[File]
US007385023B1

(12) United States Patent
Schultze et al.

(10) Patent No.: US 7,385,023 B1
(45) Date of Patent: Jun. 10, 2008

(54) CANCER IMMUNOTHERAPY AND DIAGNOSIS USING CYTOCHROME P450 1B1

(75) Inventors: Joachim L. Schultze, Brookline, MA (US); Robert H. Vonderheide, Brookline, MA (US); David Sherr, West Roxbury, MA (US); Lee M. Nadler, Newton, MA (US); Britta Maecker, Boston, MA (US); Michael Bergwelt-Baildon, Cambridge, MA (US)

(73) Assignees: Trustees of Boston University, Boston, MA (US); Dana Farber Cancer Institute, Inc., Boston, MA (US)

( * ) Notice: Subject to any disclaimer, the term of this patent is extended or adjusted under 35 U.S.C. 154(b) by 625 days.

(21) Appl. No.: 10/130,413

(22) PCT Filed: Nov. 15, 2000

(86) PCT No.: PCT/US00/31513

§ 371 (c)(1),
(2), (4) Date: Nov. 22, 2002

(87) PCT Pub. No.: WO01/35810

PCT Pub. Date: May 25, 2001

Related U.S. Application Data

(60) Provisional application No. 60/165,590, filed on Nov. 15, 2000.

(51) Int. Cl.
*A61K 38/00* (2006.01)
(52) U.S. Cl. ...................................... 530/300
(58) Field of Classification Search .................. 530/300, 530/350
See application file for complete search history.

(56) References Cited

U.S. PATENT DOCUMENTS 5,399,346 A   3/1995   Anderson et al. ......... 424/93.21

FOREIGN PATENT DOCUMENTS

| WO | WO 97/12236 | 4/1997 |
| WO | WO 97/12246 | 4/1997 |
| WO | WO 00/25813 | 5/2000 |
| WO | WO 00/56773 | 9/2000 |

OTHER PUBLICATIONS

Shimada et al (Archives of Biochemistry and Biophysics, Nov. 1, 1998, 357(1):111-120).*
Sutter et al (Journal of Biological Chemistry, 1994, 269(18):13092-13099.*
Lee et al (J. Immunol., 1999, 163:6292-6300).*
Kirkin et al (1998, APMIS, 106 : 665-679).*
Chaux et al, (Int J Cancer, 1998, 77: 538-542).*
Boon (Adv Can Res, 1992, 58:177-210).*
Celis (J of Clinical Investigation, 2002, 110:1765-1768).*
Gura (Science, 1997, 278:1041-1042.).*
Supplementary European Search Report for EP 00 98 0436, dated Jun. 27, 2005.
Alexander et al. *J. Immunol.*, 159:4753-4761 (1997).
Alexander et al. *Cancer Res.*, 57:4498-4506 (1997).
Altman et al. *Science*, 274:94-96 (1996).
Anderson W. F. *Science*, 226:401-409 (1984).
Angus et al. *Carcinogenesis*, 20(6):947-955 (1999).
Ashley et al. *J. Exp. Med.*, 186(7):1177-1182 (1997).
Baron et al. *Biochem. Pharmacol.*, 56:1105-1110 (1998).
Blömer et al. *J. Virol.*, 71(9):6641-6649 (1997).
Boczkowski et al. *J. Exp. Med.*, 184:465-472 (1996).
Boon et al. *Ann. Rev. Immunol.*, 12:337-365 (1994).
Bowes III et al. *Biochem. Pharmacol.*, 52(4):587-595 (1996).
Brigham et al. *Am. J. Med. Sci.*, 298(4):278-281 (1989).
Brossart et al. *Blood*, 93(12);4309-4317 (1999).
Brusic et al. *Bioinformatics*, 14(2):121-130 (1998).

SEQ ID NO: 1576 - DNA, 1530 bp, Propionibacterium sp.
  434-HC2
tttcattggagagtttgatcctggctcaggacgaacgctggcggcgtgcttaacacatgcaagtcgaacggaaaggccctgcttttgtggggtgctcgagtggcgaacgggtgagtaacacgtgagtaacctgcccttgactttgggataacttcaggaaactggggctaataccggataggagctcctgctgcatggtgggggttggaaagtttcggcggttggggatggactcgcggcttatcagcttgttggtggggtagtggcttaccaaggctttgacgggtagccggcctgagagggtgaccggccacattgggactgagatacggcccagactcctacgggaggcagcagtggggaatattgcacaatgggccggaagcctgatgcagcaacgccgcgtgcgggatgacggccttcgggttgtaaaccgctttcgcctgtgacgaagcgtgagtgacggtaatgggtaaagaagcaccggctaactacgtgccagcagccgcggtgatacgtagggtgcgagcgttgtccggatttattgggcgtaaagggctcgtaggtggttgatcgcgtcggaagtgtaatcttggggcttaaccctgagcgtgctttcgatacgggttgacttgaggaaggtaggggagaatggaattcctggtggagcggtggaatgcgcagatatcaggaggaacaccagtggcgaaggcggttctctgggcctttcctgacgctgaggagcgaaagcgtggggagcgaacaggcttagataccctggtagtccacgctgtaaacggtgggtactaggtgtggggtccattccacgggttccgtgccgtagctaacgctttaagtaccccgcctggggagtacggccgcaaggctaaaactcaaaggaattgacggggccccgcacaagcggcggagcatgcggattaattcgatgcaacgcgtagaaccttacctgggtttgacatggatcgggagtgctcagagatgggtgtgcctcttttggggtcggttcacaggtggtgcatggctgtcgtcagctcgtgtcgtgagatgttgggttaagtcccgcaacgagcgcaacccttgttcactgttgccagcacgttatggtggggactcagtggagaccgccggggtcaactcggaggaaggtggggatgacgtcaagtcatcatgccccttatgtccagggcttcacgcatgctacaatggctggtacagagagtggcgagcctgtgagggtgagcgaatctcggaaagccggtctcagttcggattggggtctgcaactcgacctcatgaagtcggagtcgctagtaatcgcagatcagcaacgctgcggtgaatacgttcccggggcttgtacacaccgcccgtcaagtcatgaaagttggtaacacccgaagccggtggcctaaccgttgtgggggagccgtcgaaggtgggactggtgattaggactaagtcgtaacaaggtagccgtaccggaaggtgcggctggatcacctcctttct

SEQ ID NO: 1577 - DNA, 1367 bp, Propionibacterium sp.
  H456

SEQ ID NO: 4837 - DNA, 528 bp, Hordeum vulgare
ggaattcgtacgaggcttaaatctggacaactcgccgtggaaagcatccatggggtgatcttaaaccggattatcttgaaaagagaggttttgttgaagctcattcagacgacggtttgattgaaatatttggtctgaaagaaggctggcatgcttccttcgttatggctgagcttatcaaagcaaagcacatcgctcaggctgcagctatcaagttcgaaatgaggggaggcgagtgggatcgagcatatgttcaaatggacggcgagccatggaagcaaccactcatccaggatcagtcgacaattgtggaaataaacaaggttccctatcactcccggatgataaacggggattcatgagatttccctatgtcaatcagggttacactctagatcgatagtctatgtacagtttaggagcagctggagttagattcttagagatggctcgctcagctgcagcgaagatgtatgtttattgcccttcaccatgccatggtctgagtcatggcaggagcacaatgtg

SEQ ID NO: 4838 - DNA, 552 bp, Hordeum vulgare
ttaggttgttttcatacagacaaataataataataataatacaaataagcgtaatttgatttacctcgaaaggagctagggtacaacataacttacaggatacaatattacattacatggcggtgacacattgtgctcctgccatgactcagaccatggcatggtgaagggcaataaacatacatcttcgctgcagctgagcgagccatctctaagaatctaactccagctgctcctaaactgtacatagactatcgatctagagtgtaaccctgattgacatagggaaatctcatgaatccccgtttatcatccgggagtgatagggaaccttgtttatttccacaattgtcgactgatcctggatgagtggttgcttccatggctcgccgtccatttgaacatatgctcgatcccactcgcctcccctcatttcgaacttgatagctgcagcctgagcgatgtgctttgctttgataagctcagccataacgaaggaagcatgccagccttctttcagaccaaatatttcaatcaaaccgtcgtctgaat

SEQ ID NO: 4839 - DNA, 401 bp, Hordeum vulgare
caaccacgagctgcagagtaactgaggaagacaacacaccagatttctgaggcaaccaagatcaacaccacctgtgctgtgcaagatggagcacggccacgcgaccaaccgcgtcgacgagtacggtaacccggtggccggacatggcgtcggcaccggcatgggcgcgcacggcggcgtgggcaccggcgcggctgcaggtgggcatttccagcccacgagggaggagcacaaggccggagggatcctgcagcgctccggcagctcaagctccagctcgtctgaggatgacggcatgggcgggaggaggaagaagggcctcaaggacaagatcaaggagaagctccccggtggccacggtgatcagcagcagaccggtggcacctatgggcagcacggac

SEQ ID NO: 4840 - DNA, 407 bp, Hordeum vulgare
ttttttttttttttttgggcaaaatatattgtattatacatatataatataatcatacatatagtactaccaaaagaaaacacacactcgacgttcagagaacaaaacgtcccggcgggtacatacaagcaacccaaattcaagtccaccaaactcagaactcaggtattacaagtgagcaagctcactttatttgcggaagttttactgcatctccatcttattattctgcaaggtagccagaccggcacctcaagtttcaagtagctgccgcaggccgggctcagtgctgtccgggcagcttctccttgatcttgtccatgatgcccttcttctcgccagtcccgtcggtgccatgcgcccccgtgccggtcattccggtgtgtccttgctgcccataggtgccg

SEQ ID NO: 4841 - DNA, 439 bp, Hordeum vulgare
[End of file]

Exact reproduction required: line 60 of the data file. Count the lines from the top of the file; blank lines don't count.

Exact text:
SEQ ID NO: 4837 - DNA, 528 bp, Hordeum vulgare